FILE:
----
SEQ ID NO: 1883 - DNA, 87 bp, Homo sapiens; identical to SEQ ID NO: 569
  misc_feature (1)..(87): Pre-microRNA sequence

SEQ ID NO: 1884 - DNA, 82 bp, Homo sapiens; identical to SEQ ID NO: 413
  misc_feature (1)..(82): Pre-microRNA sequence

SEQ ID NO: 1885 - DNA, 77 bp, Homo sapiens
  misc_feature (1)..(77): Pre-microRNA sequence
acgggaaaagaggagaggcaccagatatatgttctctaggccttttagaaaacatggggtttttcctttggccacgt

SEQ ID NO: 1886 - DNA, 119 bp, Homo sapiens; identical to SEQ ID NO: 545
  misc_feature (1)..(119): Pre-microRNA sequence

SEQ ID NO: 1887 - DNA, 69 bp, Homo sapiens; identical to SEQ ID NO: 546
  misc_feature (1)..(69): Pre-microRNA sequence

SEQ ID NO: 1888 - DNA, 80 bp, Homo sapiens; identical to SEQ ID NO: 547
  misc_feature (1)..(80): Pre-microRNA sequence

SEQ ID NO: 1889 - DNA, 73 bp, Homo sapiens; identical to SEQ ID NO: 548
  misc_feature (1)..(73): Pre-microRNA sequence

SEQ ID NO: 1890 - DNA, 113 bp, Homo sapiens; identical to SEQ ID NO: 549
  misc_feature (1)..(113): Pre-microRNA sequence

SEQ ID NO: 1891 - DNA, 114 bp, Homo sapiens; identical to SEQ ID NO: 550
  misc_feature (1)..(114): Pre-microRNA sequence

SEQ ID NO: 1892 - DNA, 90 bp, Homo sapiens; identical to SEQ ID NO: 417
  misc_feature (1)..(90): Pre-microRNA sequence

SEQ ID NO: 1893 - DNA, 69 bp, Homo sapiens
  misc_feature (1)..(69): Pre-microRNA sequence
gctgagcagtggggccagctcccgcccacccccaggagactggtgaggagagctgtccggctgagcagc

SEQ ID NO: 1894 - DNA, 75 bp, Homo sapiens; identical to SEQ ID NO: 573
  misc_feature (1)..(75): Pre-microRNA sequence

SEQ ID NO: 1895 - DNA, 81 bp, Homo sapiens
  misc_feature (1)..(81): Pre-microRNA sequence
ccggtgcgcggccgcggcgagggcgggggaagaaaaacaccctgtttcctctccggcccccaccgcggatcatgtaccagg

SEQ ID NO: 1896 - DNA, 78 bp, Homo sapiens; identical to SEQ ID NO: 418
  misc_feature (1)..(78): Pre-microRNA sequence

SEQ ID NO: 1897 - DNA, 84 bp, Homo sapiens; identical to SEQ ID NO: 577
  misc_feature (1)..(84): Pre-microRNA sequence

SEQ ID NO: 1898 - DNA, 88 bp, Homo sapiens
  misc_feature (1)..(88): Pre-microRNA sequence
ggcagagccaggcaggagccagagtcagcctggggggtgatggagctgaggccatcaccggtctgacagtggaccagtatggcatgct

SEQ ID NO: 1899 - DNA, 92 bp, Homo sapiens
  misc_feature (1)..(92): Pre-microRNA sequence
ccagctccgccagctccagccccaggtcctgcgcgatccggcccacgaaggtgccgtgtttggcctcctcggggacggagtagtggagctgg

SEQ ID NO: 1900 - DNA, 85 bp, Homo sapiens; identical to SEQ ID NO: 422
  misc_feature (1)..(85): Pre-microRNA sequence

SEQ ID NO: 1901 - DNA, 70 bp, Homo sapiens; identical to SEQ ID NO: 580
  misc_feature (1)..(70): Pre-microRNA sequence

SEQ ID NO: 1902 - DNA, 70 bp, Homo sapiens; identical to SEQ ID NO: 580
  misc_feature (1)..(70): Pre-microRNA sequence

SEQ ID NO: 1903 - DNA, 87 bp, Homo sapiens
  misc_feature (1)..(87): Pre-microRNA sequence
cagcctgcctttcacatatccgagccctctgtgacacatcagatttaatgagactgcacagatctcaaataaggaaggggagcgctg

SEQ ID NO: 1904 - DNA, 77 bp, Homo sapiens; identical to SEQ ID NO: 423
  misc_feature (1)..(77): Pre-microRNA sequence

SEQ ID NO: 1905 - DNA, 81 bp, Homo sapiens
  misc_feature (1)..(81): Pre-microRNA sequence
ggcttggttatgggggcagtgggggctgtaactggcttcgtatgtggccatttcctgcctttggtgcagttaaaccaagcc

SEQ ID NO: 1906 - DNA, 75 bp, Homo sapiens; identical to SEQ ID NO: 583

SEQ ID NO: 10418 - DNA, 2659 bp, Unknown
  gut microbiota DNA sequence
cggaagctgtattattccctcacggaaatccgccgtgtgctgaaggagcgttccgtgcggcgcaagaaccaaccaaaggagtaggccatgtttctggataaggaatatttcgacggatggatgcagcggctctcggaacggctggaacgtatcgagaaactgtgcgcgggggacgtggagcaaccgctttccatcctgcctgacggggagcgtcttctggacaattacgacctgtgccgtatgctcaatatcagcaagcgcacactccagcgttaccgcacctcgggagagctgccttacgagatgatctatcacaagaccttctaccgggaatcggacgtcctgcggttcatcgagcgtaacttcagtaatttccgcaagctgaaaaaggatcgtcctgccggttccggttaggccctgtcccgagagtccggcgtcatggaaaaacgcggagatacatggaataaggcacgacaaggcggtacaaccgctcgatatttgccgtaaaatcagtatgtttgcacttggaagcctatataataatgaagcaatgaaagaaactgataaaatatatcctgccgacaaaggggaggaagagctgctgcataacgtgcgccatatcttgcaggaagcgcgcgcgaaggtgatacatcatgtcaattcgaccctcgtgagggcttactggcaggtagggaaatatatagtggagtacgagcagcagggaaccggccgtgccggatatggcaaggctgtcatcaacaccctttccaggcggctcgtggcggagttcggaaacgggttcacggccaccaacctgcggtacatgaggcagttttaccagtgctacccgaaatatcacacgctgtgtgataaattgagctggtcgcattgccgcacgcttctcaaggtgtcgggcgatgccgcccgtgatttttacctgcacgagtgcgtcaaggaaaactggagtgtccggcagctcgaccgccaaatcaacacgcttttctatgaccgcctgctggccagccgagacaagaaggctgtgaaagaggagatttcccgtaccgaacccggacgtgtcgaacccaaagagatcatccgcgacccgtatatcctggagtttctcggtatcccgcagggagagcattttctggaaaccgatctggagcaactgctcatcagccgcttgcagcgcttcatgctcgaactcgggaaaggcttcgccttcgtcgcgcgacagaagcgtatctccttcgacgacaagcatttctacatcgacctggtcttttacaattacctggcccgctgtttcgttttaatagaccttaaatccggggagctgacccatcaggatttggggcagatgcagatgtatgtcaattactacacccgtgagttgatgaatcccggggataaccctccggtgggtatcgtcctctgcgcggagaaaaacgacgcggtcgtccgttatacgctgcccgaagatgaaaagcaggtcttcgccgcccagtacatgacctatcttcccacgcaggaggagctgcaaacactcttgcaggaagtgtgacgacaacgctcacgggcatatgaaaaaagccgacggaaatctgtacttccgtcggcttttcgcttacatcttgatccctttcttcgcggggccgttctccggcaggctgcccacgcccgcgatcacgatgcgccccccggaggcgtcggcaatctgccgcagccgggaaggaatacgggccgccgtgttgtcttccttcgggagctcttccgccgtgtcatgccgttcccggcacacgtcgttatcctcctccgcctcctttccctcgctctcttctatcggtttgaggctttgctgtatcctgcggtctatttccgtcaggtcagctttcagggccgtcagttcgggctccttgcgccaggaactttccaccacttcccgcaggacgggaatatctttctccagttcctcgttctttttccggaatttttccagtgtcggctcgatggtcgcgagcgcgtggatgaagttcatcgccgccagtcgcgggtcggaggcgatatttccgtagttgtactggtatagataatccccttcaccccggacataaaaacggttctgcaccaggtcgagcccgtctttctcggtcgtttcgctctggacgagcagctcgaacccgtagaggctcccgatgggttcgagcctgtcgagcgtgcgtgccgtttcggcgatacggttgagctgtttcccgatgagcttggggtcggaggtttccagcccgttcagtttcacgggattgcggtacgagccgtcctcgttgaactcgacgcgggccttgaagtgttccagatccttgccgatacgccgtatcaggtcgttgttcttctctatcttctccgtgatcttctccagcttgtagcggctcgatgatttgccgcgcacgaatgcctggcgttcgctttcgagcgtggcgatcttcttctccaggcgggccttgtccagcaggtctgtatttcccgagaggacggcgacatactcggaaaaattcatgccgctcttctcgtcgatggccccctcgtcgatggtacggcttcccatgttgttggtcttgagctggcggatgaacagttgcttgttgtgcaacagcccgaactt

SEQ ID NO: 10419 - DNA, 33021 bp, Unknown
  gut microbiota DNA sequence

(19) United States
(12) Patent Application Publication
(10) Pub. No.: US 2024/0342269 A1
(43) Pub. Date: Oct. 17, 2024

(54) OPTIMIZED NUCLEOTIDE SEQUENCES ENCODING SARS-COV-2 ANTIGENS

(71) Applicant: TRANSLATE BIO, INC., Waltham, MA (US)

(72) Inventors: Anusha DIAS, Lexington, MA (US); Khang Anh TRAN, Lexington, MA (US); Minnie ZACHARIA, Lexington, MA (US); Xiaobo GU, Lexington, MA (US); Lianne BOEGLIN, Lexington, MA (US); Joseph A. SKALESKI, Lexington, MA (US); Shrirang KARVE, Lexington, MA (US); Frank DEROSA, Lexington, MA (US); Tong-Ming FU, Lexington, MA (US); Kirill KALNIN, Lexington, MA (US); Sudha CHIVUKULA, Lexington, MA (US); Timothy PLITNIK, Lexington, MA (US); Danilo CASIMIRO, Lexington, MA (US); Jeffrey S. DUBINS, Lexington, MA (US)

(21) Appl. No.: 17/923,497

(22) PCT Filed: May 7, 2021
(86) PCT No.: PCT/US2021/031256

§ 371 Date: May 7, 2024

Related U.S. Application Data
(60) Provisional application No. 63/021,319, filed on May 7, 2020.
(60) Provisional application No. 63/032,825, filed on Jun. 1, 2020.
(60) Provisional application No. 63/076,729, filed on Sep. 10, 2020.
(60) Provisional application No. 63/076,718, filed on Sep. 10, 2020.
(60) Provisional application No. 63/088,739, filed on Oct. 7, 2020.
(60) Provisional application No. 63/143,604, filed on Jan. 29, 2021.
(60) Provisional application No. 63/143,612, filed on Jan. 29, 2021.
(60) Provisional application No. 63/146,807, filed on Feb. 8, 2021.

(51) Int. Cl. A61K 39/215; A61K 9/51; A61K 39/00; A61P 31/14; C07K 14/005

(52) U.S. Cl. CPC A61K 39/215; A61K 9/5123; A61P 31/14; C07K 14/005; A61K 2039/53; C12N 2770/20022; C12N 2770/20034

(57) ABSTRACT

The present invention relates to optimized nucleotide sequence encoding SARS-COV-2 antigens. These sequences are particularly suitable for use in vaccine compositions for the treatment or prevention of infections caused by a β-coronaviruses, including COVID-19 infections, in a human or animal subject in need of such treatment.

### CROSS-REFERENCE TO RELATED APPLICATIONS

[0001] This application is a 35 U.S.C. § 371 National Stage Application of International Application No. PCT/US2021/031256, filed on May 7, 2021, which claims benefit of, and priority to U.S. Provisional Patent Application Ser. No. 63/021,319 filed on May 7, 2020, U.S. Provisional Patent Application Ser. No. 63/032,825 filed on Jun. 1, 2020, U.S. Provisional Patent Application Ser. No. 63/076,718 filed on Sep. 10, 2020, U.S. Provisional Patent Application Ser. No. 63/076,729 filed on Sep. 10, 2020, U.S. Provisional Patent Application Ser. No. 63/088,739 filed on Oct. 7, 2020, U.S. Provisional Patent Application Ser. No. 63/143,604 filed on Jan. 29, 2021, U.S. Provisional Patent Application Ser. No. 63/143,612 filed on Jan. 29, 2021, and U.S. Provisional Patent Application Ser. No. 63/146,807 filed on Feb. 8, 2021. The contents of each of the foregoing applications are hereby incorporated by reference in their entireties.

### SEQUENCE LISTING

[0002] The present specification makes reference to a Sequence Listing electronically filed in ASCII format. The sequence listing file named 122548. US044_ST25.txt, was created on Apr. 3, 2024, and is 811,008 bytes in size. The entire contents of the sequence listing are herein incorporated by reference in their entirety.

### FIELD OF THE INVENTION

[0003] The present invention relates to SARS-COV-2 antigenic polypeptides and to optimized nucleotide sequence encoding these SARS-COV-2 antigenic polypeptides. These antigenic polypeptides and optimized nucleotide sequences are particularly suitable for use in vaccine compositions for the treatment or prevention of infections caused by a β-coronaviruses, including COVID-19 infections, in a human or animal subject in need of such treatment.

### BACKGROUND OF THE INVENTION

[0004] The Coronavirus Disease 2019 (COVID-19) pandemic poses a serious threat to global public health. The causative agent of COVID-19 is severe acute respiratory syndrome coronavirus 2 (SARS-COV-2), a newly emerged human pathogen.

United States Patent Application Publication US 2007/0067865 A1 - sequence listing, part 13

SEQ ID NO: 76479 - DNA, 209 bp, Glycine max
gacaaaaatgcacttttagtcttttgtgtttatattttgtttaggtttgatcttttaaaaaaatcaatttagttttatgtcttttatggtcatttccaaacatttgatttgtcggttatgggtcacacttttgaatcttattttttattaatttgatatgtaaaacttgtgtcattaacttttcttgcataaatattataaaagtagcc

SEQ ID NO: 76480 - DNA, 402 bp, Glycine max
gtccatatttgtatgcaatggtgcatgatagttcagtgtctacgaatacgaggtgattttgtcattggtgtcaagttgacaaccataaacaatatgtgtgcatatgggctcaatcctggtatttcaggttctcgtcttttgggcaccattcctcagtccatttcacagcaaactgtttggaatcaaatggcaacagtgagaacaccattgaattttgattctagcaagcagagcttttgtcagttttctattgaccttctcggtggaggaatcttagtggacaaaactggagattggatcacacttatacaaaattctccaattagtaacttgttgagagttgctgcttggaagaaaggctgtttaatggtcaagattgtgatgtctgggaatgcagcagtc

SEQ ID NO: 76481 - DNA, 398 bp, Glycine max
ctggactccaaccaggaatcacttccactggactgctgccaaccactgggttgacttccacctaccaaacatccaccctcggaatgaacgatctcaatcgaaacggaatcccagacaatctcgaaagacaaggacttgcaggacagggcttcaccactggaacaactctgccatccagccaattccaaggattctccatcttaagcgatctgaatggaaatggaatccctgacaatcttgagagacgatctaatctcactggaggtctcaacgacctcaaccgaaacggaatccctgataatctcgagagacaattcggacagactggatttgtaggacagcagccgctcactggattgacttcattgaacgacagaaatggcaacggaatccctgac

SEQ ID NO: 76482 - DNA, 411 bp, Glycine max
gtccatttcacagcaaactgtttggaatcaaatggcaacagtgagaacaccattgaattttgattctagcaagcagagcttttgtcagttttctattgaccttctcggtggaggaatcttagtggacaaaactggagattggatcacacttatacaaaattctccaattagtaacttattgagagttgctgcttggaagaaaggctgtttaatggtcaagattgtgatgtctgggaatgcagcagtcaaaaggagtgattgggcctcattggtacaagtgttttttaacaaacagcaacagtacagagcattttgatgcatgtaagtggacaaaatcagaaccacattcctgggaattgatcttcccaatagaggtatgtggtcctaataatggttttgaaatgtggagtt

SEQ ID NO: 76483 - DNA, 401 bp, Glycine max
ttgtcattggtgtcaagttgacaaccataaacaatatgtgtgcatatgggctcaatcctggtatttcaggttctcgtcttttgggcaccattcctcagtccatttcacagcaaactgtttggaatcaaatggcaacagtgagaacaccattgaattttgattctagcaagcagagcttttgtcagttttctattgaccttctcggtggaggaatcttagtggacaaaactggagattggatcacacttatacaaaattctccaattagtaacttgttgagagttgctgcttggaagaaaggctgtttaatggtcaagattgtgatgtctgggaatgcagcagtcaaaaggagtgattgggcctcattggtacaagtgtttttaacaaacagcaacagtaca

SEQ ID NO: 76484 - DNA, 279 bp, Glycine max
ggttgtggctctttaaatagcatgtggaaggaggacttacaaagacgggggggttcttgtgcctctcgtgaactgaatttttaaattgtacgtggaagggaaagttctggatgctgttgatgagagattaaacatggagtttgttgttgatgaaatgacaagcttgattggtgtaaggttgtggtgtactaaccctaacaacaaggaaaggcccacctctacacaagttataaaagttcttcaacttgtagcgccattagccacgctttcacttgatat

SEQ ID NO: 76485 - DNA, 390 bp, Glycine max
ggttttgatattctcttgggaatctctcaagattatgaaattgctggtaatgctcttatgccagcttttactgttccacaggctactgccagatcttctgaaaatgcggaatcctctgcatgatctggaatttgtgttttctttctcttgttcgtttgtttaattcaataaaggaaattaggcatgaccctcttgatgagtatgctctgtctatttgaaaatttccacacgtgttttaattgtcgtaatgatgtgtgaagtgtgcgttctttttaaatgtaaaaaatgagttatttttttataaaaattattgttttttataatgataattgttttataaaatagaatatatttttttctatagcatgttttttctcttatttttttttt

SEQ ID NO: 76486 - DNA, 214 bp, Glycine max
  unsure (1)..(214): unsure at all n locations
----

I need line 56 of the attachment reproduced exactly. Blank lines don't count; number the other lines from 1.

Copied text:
  gut microbiota DNA sequence